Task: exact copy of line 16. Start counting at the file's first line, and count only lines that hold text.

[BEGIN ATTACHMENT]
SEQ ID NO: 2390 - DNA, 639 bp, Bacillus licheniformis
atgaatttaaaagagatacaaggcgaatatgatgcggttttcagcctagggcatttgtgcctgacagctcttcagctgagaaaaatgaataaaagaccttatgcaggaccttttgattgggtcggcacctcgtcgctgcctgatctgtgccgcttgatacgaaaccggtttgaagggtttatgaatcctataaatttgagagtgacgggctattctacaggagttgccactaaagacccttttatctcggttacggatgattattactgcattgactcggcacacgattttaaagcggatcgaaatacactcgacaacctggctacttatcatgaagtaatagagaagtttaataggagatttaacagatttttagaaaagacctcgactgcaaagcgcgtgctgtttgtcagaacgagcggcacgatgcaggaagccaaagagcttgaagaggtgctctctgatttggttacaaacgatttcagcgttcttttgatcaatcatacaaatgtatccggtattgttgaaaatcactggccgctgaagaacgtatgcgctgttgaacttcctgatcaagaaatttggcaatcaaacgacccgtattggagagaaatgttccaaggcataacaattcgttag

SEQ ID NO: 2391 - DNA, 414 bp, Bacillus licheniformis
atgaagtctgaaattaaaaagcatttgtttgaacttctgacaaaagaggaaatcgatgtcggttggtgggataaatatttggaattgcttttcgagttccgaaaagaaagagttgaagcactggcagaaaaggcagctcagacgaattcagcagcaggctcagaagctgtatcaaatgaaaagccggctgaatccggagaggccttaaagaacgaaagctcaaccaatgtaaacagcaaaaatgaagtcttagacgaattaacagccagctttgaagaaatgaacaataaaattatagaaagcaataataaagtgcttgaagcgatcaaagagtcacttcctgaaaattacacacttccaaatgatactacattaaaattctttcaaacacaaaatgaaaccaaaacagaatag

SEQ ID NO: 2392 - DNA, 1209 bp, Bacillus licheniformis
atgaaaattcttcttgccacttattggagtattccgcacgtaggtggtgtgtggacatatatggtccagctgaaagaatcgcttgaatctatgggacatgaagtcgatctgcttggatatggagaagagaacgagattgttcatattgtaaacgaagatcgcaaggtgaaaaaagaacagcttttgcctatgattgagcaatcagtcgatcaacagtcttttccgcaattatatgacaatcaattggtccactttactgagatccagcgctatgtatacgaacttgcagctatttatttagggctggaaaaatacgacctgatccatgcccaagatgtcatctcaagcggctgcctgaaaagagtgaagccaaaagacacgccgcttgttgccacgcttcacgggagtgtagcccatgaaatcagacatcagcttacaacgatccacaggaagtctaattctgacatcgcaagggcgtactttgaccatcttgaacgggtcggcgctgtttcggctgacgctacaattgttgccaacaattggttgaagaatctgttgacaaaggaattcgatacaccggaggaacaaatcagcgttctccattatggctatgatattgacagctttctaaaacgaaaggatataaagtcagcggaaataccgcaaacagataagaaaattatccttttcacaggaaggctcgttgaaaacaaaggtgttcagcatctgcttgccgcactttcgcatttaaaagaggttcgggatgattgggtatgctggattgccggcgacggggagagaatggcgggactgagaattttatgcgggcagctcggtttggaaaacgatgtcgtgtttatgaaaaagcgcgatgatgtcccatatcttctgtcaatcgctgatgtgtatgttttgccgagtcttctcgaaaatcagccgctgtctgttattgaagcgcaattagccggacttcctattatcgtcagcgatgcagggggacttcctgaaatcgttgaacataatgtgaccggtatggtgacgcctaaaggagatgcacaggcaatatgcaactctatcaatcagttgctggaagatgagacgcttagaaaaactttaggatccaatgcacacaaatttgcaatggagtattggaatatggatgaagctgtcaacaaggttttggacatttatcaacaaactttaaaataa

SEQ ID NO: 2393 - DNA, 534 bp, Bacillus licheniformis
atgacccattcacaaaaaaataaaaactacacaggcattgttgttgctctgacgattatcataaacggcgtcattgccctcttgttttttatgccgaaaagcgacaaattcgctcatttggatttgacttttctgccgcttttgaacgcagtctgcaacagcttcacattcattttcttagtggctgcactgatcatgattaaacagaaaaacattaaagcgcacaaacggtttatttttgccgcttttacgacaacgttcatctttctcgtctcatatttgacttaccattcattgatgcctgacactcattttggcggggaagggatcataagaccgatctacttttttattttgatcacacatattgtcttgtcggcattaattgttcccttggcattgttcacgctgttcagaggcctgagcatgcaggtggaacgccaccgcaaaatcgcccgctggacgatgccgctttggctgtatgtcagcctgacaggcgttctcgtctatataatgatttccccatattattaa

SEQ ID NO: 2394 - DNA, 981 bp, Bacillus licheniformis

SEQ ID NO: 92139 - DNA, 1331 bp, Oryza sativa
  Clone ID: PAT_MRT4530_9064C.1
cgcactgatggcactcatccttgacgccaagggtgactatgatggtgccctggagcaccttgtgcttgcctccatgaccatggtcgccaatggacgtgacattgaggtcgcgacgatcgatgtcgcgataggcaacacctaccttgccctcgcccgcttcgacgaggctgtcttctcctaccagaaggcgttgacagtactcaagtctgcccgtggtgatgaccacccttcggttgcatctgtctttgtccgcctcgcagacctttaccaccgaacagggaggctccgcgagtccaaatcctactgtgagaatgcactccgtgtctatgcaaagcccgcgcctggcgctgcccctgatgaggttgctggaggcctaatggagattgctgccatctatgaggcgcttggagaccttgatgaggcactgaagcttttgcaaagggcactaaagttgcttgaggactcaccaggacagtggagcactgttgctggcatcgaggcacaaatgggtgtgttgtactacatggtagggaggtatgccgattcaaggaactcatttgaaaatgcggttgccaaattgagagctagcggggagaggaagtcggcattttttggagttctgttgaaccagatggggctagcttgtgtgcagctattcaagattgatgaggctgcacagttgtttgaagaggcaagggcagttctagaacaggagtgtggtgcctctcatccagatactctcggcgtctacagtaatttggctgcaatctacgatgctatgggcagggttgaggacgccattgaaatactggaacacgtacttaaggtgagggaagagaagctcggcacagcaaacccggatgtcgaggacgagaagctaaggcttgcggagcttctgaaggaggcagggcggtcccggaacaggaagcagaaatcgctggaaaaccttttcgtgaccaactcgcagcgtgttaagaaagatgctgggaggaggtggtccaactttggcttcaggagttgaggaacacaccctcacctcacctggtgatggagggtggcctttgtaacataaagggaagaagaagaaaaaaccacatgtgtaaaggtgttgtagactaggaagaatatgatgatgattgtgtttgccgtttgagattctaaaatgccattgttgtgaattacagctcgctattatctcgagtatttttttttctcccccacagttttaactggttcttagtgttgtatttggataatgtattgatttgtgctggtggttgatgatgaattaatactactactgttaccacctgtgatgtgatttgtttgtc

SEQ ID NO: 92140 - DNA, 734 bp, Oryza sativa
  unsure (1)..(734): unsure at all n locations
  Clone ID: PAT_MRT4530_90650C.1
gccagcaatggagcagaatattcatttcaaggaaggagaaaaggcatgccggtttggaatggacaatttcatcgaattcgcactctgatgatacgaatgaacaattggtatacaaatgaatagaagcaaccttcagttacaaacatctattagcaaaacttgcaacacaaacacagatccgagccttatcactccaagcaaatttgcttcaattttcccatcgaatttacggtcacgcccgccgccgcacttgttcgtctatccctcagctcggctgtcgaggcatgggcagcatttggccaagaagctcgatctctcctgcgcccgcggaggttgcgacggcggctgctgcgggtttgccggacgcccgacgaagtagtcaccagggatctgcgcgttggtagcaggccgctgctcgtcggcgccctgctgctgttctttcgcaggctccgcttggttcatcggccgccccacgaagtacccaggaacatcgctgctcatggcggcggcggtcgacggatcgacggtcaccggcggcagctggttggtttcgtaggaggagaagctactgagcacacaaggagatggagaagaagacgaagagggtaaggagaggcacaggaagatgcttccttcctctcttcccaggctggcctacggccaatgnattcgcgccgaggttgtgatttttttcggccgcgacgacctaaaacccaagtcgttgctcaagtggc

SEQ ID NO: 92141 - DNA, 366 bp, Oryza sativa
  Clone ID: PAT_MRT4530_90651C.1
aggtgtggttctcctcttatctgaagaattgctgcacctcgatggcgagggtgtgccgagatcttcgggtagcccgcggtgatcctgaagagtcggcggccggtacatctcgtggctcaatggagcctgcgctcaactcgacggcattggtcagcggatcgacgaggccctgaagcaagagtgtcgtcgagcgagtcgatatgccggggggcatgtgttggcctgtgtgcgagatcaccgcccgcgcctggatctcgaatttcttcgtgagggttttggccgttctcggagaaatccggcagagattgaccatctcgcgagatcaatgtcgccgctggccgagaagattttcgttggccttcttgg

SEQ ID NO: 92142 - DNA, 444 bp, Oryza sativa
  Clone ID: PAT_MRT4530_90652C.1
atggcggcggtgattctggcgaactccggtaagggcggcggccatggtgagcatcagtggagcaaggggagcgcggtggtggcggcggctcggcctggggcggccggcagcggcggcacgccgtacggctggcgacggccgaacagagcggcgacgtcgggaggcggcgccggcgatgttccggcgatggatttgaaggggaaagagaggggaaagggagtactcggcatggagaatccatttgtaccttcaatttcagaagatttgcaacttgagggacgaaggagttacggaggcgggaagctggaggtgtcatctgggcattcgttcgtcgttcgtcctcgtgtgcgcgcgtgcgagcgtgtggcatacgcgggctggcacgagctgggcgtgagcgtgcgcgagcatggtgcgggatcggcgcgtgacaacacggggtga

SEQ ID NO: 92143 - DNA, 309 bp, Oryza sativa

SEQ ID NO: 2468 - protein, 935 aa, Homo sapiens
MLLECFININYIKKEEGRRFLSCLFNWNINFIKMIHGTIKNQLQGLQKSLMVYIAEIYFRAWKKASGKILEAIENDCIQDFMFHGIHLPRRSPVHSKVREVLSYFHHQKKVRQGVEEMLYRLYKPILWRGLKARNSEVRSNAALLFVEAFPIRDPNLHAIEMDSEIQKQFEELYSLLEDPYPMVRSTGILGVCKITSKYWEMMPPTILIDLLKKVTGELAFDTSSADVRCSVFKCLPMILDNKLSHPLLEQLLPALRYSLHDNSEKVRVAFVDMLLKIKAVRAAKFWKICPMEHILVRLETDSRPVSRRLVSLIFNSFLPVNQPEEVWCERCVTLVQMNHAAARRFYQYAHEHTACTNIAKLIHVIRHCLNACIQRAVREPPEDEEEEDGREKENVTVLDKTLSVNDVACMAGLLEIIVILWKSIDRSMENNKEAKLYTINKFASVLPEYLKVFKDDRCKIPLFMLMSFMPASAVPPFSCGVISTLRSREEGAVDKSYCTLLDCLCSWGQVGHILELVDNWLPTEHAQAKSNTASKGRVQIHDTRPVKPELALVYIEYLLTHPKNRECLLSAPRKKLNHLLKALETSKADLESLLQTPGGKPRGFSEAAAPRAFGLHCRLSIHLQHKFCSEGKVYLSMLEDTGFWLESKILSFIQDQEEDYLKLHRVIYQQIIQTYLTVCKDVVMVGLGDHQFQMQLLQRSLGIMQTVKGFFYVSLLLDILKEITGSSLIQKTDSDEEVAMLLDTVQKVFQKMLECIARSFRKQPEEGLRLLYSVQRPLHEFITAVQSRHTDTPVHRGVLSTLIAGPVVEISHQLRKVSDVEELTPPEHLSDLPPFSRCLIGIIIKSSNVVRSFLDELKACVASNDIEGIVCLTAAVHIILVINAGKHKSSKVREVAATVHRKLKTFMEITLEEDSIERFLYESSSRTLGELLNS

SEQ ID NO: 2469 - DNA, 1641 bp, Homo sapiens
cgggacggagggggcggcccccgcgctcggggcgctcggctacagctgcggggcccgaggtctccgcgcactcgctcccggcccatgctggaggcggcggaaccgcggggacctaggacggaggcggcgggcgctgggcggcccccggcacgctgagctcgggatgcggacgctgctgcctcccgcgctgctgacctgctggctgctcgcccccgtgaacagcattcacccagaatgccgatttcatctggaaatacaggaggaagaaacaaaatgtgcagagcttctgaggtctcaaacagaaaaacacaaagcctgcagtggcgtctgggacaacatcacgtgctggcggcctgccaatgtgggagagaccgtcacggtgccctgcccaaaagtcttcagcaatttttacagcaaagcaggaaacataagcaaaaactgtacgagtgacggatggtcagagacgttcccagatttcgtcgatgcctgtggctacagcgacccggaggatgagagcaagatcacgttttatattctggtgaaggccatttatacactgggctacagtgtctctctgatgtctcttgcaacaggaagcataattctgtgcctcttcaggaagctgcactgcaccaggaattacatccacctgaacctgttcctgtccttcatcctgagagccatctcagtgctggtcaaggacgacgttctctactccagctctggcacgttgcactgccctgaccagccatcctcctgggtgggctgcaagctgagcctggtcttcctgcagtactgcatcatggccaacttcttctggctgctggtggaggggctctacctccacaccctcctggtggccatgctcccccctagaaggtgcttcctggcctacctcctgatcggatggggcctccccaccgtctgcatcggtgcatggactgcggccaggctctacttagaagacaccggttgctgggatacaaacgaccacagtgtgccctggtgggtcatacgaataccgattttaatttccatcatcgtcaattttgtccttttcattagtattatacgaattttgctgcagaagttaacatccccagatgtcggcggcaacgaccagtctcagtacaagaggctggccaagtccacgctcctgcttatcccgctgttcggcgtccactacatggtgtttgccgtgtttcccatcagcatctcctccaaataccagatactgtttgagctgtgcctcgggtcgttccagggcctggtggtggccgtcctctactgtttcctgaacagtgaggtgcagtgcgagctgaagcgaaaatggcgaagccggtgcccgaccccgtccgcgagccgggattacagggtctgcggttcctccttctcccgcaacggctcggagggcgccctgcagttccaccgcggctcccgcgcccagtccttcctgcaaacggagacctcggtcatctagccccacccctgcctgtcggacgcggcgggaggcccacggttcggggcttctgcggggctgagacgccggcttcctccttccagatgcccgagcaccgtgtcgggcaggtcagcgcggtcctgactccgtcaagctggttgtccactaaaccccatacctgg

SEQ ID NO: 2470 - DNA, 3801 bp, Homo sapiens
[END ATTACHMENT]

gccagcaatggagcagaatattcatttcaaggaaggagaaaaggcatgccggtttggaatggacaatttcatcgaattcgcactctgatgatacgaatgaacaattggtatacaaatgaatagaagcaaccttcagttacaaacatctattagcaaaacttgcaacacaaacacagatccgagccttatcactccaagcaaatttgcttcaattttcccatcgaatttacggtcacgcccgccgccgcacttgttcgtctatccctcagctcggctgtcgaggcatgggcagcatttggccaagaagctcgatctctcctgcgcccgcggaggttgcgacggcggctgctgcgggtttgccggacgcccgacgaagtagtcaccagggatctgcgcgttggtagcaggccgctgctcgtcggcgccctgctgctgttctttcgcaggctccgcttggttcatcggccgccccacgaagtacccaggaacatcgctgctcatggcggcggcggtcgacggatcgacggtcaccggcggcagctggttggtttcgtaggaggagaagctactgagcacacaaggagatggagaagaagacgaagagggtaaggagaggcacaggaagatgcttccttcctctcttcccaggctggcctacggccaatgnattcgcgccgaggttgtgatttttttcggccgcgacgacctaaaacccaagtcgttgctcaagtggc